In general, you have one year to initiate a claim for No-Fault benefits through your auto insurer. This is called a first-party claim. With this coverage, you receive benefits regardless of whether you caused the accident.

There is also a three-year time limit to seek compensation for pain and suffering from the at-fault driver’s insurance company through a third-party claim. A lawyer can review your accident’s circumstances to determine if you have a valid case.

What You Do and Don’t Have to Tell Them

While reporting an accident to your insurer is important, you don’t have to tell them everything. In fact, you don’t have to answer all their questions. Insurance adjusters will ask you more than what’s required to find ways to pay you less. They are, after all, working for a business that protects its profits.

What not to tell an adjuster:

  • Apologies: Kneejerk comments that you’re sorry could come back to bite you.
  • Guesses or impressions: Don’t share it if it’s not a fact.
  • That you feel fine: You might be more injured than you thought.
  • You are willing to record a statement: You do not have to provide this.
  • You will release your medical records: This is also not a requirement. You do not have to provide your medical records to them.

What you can tell an adjuster:

  • Date and time of the accident
  • The accident’s location
  • Basic facts about the circumstances of the accident
  • Your contact information

You don’t even have to tell them that. Your personal injury lawyer can share this information with adjusters.

Refer Them to Your Car Collision Lawyer

Ideally, you contact a car accident attorney right after the crash, and they notify the insurance company for you. That way, you don’t have to talk to an adjuster. Going forward, a lawyer can handle all calls, emails, or other communication from the insurance company.

However, the insurance adjuster may contact you before you’ve even had time to look for a lawyer. They might even offer you a settlement. Even if you don’t have legal representation yet, you can politely tell the adjuster that you will be working with a lawyer and the adjuster can go through your attorney instead.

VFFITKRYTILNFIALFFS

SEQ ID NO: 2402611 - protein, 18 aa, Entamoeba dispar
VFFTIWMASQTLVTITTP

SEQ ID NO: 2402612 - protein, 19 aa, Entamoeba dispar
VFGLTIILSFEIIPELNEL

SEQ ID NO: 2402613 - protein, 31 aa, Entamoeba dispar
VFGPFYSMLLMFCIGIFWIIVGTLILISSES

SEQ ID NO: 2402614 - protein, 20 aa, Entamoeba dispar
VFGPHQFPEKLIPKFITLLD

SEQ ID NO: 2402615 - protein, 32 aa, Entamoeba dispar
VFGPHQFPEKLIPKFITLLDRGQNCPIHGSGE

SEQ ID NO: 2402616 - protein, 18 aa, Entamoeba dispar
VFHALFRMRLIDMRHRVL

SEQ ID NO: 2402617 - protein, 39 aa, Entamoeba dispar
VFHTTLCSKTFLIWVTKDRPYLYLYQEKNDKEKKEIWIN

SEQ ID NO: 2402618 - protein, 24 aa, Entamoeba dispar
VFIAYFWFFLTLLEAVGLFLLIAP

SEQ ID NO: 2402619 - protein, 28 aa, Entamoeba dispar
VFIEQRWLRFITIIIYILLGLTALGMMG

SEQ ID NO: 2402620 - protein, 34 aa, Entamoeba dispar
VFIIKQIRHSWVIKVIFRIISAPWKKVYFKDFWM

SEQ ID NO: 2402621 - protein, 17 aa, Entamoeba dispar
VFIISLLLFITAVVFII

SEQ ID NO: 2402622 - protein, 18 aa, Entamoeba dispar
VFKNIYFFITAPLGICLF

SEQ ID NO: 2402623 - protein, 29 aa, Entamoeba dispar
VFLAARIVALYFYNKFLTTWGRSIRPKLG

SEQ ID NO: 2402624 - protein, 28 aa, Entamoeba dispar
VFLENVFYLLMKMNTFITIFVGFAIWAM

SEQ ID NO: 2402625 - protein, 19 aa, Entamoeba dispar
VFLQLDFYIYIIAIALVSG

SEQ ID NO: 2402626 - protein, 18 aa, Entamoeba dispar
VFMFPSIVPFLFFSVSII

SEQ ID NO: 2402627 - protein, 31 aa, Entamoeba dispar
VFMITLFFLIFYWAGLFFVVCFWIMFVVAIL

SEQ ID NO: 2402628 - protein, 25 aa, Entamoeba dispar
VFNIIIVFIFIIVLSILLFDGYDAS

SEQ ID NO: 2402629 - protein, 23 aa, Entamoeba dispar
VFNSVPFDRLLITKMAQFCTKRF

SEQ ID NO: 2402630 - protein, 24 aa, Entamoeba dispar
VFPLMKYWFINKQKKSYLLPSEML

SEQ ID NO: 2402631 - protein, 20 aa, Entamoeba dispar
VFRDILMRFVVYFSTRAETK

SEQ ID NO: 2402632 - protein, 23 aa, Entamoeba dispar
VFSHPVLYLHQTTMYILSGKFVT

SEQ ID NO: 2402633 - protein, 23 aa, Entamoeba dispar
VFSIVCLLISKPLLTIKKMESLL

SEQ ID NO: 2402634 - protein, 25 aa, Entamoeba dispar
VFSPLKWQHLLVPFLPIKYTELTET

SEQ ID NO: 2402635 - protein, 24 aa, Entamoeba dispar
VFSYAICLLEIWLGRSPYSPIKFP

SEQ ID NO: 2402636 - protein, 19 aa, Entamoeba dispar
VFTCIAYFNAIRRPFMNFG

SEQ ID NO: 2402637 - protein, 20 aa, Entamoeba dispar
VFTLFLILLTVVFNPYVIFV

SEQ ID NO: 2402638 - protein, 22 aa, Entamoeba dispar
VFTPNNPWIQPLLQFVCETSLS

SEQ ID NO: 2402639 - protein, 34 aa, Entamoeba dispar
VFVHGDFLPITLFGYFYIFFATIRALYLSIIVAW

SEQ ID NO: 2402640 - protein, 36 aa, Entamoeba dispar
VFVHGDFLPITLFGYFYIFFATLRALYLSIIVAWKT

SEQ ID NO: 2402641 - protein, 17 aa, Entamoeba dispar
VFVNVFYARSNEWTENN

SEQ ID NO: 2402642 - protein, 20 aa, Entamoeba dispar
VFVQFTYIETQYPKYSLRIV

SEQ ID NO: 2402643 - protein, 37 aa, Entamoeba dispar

Learn Your Rights as a Car Accident Victim

Your insurance company could even act in bad faith or fail to prioritize your needs and concerns. Knowing your rights after a car collision can help you recognize signs that an insurer isn’t handling your claim well.

If you were hurt in an accident, you can:

  • Call an injury lawyer at any time.
  • Investigate the crash.
  • Catalog your losses.
  • Review paperwork and settlement offers.
  • Fight back against unfair claim denials.

You also have the right to pursue a lawsuit under certain circumstances. For instance, if you suffered serious injuries, you can pursue an injury lawsuit, according to Mich. Comp. Laws § 500.3135. Additionally, you can sue insurance companies that fail to honor your policy’s terms.

A lawyer can help you navigate compensation options while protecting your rights in the process.

Settlement Offers Are Negotiable

After a car crash, having an insurance company offer you money can feel like a godsend. Unfortunately, initial offers are usually too low for what you need or deserve. This is especially true if an adjuster offers you a settlement before you’ve even had time to heal or consider your future.

Some insurers will make their settlements seem like limited-time-only offers. They might try to get you to agree to one over the phone without seeing it in writing. These tactics are designed to disguise the fact that an offer is too low or inadequate for your post-accident needs.

Despite what insurers say, you can negotiate a settlement offer’s terms. You also have a right to consider it and have your legal team review it. Our personal injury attorneys may even have you wait until we have more information about your medical condition and losses. Rather than accepting a first offer, check that it considers your past and future. Once you agree to a settlement, you cannot request more compensation from the opposing party.

Christensen Law Will Stand Up for You After an Auto Accident

If you’ve suffered serious injuries in a Michigan car accident, the compensation you receive from your No-Fault insurance may not cover the costs of your injuries and related losses. Let a car accident lawyer from Christensen Law review your claim so you are not under-compensated. Your first consultation is free. Call us or contact us online today.